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Returning soldiers greeted as heroes

Posted: Sunday, November 11, 2007

 

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  Marine Sgt. David Nussbaum accepts a quick handshake from fellow Iraq war veteran Ken Felchle as he heads to the stage at the beginning of a homecoming ceremony at the Kenai National Guard Armory on Saturday morning. Photo by M. Scott Moon

Marine Sgt. David Nussbaum accepts a quick handshake from fellow Iraq war veteran Ken Felchle as he heads to the stage at the beginning of a homecoming ceremony at the Kenai National Guard Armory on Saturday morning.

Photo by M. Scott Moon

The wintery mix of freezing rain and slushy snow falling from the featureless grey sky would be enough to keep most people home on a weekend morning, but cold and inclement weather couldn't keep away people devoted to giving a warm welcome to 21 soldiers returning from serving in the Middle East during a homecoming celebration at the Army National Guard Armory in Kenai on Saturday.

Upon entering the armory, it was immediately clear that Saturday's event was a celebration. The walls were festooned with large banners and giant posters with large exclamations such as "Thank You," "Welcome Home," and "We Appreciate You."

 

Soldiers applaud for their families during a portion of the program dedicated to recognizing the sacrifices they have to make while troops are deployed.

Photo by M. Scott Moon

The floor room of the armory was divided down the middle. On each side were hundreds of family members, friends and coworkers of the returning soldiers, as well as other currently serving and past serving military members, and a few patriotic people with no military ties, but eager to show their support.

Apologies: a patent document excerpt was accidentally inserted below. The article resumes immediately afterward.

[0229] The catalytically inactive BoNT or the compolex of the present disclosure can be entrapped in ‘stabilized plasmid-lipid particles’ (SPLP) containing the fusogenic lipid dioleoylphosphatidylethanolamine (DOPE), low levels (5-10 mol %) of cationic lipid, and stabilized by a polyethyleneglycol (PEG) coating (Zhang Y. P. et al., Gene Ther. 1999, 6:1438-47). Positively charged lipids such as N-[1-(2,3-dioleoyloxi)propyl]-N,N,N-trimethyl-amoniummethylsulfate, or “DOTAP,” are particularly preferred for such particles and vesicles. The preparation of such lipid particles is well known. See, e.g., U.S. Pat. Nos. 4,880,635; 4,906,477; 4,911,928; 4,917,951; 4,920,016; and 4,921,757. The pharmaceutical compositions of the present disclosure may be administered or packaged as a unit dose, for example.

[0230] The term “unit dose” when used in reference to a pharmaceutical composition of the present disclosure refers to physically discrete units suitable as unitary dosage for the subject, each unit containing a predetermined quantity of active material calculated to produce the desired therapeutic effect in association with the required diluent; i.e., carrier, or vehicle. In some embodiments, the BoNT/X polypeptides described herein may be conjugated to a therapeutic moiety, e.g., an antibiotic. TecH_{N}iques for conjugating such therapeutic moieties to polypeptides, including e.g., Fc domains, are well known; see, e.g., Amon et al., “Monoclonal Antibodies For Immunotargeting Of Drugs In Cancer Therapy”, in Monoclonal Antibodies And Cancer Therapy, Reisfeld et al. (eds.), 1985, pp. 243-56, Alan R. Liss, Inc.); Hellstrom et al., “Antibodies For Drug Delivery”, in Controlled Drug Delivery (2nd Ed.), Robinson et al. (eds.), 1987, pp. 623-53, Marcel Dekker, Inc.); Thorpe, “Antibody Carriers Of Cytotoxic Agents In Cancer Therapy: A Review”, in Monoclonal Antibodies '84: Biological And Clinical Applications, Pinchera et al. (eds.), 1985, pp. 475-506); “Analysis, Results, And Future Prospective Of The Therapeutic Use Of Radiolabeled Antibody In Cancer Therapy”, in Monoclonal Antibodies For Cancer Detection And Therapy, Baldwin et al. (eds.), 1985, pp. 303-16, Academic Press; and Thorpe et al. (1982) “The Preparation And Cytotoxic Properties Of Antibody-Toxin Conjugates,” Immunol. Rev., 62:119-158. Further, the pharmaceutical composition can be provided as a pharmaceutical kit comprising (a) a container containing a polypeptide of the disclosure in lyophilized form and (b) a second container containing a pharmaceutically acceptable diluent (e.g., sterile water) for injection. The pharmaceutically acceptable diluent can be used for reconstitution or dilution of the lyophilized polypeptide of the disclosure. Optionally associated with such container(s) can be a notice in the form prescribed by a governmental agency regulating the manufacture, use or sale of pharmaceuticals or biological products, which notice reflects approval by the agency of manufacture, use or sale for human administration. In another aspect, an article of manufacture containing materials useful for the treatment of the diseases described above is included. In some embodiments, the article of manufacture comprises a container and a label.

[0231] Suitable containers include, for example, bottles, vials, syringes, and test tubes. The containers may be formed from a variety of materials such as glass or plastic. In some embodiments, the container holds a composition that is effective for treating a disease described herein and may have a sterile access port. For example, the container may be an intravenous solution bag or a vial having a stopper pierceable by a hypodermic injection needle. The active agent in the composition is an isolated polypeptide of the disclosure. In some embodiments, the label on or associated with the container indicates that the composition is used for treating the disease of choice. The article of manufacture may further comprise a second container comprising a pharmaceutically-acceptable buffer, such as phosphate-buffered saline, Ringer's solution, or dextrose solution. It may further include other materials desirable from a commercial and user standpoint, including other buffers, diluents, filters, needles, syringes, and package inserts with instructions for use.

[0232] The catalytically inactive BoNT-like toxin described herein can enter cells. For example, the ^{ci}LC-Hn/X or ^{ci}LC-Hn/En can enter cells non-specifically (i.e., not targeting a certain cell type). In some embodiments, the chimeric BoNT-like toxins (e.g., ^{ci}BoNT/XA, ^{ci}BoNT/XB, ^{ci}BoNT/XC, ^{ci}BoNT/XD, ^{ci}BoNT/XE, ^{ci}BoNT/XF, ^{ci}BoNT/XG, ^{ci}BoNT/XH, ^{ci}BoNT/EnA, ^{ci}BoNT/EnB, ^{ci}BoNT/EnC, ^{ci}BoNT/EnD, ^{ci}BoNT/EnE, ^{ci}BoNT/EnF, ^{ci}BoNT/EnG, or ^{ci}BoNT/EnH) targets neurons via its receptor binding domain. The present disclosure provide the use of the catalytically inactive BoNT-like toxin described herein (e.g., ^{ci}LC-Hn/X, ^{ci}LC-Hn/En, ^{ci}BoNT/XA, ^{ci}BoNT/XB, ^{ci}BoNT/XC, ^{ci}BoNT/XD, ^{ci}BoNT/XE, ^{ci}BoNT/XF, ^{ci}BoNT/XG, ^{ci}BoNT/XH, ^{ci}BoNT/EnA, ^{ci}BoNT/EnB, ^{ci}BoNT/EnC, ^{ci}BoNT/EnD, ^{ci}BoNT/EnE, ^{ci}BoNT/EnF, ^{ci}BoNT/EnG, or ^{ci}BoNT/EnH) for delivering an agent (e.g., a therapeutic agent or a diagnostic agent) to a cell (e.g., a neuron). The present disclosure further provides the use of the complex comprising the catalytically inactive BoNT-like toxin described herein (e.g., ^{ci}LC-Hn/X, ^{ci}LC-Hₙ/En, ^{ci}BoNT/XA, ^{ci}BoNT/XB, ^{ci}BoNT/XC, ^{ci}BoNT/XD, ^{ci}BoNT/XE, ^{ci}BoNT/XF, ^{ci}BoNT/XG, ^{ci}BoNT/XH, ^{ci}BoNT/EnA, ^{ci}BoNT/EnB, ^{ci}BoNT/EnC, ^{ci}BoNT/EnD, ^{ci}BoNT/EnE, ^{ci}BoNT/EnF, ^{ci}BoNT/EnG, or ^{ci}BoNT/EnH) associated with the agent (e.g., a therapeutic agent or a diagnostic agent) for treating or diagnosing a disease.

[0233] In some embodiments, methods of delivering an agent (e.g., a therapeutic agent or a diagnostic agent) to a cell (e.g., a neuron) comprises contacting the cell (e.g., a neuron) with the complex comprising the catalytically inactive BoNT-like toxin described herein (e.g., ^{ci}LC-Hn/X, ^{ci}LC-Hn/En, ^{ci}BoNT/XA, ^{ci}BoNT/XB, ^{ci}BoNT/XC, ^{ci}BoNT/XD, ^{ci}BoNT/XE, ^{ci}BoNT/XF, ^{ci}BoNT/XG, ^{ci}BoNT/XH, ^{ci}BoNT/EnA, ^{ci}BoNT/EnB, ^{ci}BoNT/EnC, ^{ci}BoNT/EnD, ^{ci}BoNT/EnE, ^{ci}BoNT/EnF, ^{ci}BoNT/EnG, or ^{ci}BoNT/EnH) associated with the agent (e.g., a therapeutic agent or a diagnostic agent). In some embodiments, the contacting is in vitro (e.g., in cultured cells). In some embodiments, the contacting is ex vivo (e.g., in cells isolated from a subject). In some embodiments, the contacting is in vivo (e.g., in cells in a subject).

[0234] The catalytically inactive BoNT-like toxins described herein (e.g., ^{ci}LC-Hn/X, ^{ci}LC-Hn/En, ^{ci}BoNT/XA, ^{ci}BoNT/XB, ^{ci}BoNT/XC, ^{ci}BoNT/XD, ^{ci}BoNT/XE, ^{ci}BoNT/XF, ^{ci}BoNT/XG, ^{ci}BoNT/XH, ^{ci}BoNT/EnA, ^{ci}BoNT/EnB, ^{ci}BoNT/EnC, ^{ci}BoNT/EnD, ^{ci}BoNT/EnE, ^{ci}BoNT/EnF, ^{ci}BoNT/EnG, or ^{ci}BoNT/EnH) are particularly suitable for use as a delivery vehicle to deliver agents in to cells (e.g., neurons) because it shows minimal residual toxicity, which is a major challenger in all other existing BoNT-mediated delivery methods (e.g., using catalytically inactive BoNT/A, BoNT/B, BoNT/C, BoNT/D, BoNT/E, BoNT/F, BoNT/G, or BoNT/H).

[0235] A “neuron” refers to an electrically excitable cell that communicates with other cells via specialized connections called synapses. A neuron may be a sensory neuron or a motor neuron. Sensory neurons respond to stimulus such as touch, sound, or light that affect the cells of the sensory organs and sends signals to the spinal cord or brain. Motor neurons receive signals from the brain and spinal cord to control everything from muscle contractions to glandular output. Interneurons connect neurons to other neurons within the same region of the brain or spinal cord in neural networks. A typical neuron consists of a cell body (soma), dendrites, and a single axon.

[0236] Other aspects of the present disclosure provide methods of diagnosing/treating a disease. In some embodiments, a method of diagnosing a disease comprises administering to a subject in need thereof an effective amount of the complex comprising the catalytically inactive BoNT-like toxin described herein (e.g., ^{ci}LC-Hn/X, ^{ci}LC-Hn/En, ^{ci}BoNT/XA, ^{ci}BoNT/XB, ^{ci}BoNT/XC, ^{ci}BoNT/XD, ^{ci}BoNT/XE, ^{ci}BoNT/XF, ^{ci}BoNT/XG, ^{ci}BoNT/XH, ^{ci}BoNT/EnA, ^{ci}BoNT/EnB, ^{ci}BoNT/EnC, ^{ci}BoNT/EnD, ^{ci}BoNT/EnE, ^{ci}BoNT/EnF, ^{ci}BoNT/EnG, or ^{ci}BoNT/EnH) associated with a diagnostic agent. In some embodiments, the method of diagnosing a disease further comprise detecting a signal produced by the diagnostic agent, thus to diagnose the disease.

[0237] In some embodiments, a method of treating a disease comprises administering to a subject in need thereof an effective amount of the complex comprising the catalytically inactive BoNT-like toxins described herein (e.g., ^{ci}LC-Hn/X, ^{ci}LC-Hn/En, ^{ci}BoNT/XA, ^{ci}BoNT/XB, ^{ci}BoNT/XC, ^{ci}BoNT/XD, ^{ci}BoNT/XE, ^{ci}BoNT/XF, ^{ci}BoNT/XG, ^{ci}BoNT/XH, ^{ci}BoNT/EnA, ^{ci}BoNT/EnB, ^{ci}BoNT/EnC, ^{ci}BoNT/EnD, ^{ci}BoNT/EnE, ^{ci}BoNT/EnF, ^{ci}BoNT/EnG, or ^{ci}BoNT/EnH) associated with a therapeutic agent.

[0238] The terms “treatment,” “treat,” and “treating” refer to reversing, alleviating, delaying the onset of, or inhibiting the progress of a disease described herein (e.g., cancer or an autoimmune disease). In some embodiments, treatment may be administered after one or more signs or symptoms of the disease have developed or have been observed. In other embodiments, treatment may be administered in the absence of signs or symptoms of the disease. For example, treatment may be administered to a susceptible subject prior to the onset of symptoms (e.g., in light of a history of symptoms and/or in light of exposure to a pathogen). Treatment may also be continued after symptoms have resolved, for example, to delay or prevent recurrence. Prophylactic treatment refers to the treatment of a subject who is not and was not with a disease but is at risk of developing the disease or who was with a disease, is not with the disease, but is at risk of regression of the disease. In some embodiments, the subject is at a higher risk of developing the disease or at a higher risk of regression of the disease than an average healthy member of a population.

These folks represented a broad spectrum of society, from silver-haired veterans of past world wars and other conflicts, down to small infants sporting shaved heads and adorned with camouflage garb. They, and others of all ages between, stood side by side waving small American flags as they waited for the returning soldiers to enter the room, and when they finally did after a brief welcome by Kenai Mayor Pat Porter and Soldotna Mayor David Carey, the crowd erupted into thunderous applause and a roar of cheers.

 

Veteran Roy Brendible and Tatyana Johnny wave flags in support of the soldiers.

Photo by M. Scott Moon

Following the first soldier that tore through a banner of red, white and blue streamers like a victorious marathon runner, the rest followed by running down the red carpet in the center of the room to a stage at the front where Sen. Lisa Murkowksi introduced each of the 20 Guardsmen members and one Marine.

The "Arctic Hero's" honored included: Martin Hanson, Paul Kerr, Hal Taylor, Paul Grimsley, Albert Burns, Scott Alwin, Aaron Byrd, Eric Einerson, Charles Garrison, Ryan Gillis, Louis Grimaldi, Raymond Mixsooke, Arthur Moonin, Joshua Vanderzon, David Ahlberg, Malcohm Brown, David Nussbaum, Christopher Minatra, Wilson House, Nicholas Yoncher and Cody Kelso.

After the soldiers had all entered, Guard members posted the American and state flags, after which Christine Grimsley daughter of one of the guardsmen sung the national anthem, and then the city mayors led the audience in the pledge of allegiance.

Pastor Peter Merkes delivered the opening prayer in which he reminded everyone taking part in the joyous homecoming event to remember those that aren't back yet, and those that will never come back because they died while serving their country. He blessed their families and asked for a moment of silence to "think about the cost of freedom, and all the blood that has been shed and lives lost for the privilege."